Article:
After my adventures finding a new set of tires I really didn’t feel like getting up for a sunrise session. The weather was breezy and surprisingly overcast. While this was crummy for broad landscapes, it was great for details.

Hopefully by now you’ve learned I like to make the most of things. This was a great opportunity to wander around with a telephoto and look for the smaller stories. It was also a good exercise in framing and composition. I spent some time in Rhyolite, a ghost town in Nevada not far from Death Valley. It’s also no accident that Rhyolite is also very close to where I was staying in Beatty, NV.

Framing windows and doors

I had a great time exploring windows and doors. I joke a lot about being an old Boy Scout. One of many positive lessons that stayed with me was leaving a place a little better than when I got there. I’ll usually pick up trash as I find it, but with the pandemic this time I’m more content to ensure I don’t make a place worse. I spent my time with a 70-200mm and keeping outside the structures.

This one set of doors seemed be saying something of its own.

Details details

There’s an old railway depot in Rhyolite that’s fenced off. Again, with a telephoto I can frame details well and the chain link fence is almost a non-issue. I cozy the lens barrel of my 70-200mm f/4 right up against the fence, compose, take a deep breath and press the shutter. The rest is in post-processing of course.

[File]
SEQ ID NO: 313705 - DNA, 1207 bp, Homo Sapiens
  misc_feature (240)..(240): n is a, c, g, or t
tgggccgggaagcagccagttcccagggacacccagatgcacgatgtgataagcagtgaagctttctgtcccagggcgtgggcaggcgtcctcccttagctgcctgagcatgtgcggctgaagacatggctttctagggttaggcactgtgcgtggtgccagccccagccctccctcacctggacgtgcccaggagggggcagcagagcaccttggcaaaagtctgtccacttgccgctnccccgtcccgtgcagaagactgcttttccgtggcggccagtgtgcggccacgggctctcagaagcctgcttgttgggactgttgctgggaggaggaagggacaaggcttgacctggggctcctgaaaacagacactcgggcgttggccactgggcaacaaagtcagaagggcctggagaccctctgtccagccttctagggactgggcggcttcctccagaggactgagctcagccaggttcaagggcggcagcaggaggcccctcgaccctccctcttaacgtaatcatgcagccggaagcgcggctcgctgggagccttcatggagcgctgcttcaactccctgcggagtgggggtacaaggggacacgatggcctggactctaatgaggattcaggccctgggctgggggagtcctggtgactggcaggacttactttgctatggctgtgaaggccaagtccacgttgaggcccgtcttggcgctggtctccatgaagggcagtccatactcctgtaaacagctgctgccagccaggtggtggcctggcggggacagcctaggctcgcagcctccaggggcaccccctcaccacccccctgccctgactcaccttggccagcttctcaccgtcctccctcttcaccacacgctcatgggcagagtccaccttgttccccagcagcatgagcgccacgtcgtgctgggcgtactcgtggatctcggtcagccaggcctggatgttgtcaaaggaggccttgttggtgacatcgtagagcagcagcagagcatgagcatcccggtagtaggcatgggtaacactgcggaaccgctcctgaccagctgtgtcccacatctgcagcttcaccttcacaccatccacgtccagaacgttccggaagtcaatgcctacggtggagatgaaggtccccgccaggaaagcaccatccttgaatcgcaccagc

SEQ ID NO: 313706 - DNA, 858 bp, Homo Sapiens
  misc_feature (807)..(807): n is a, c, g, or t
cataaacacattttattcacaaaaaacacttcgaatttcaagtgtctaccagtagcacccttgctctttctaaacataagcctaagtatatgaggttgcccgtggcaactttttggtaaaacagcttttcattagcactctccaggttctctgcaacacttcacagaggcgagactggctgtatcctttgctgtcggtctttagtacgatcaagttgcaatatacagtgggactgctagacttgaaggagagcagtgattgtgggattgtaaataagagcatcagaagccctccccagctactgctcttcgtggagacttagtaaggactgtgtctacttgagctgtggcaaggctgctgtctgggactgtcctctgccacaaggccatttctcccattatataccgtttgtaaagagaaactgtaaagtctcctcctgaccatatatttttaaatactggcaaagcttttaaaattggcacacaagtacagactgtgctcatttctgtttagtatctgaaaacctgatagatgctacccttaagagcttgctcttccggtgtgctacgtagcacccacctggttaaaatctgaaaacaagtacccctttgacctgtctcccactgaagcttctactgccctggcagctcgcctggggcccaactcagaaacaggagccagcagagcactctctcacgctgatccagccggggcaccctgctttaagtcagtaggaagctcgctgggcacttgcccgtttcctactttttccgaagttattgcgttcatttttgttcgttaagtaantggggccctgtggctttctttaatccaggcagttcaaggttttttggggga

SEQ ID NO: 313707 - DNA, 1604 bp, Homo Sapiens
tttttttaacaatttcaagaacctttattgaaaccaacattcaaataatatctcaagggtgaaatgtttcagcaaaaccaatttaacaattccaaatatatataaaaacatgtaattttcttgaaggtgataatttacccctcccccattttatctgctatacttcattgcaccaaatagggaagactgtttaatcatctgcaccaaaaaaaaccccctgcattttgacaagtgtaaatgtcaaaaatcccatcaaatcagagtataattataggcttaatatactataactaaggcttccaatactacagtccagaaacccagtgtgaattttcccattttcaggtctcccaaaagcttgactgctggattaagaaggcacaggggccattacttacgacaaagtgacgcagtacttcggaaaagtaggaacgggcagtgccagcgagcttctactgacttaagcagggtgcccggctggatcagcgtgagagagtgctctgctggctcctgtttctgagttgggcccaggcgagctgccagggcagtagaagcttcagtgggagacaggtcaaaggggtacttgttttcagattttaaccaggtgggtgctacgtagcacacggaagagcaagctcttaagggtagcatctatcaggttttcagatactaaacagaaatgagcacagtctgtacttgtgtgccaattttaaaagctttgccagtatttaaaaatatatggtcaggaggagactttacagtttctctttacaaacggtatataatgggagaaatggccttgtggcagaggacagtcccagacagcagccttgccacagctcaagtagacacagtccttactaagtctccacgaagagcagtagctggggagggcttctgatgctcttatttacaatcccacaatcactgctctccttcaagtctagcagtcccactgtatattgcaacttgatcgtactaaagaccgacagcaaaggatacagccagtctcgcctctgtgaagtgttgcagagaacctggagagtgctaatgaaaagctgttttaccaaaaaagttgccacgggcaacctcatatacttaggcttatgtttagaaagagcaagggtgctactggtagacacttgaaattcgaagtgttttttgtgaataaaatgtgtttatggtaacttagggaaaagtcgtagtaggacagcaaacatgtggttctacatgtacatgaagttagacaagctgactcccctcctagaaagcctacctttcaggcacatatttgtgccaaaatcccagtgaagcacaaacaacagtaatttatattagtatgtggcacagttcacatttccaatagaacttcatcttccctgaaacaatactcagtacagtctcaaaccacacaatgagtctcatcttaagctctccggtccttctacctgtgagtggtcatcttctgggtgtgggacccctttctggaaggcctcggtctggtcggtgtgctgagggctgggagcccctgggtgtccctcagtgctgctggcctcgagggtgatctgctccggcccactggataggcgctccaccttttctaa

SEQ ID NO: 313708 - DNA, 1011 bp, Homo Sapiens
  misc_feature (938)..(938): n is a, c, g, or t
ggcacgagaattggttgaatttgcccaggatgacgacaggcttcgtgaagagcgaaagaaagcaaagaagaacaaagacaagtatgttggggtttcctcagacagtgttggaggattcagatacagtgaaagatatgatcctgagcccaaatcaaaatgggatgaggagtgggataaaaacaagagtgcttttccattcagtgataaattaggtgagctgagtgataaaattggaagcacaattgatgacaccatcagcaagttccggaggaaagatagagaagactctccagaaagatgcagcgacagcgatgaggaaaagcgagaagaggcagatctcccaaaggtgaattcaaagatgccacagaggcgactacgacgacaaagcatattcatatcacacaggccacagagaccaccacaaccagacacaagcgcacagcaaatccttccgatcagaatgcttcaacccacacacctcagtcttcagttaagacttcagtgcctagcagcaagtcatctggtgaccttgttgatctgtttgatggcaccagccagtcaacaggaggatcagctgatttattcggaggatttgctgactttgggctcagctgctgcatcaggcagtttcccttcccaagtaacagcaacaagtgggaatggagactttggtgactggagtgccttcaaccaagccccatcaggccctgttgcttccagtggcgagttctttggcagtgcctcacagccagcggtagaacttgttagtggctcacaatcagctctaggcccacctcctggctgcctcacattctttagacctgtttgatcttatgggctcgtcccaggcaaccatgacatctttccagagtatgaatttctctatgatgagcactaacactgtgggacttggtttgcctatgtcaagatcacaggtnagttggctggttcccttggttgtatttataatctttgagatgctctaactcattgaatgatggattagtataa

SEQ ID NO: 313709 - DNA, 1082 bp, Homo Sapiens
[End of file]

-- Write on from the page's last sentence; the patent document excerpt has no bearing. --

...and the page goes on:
Wandering around the rest of the town allowed me to explore other angles. There are rattlesnakes here so take care when bushwhacking. Also some of this is private property, so please be respectful.

Some images are carefully framed collections of old stuff lying around: A broken bottle against scrap metal, the remains of an old set of theater seats, the facade of the HD & LD Porter building. The little detail shots are about finding repeating patterns and isolating. The facade needed more help in post because the sky was so bright.

Wider angles were also used. For some I put away the Canon EOS RP with the adapted Canon EF 70-200mm f/4L USM Lens and went back to my Canon EOS R with the 24-105 RF kit lens.

I’m not crazy about the term “kit lens.” It implies “this is the lens I’m stuck with.” The Canon RF 24-105mm f/4L IS USM Lens is freaking amazing.

I didn’t ignore the sky completely the whole time. For a short time this lenticular cloud formed over the valley. I don’t see these over coastal California so this was quite a treat. Rendering it in any meaningful way meant spending some time with it in post production. This was time well spent.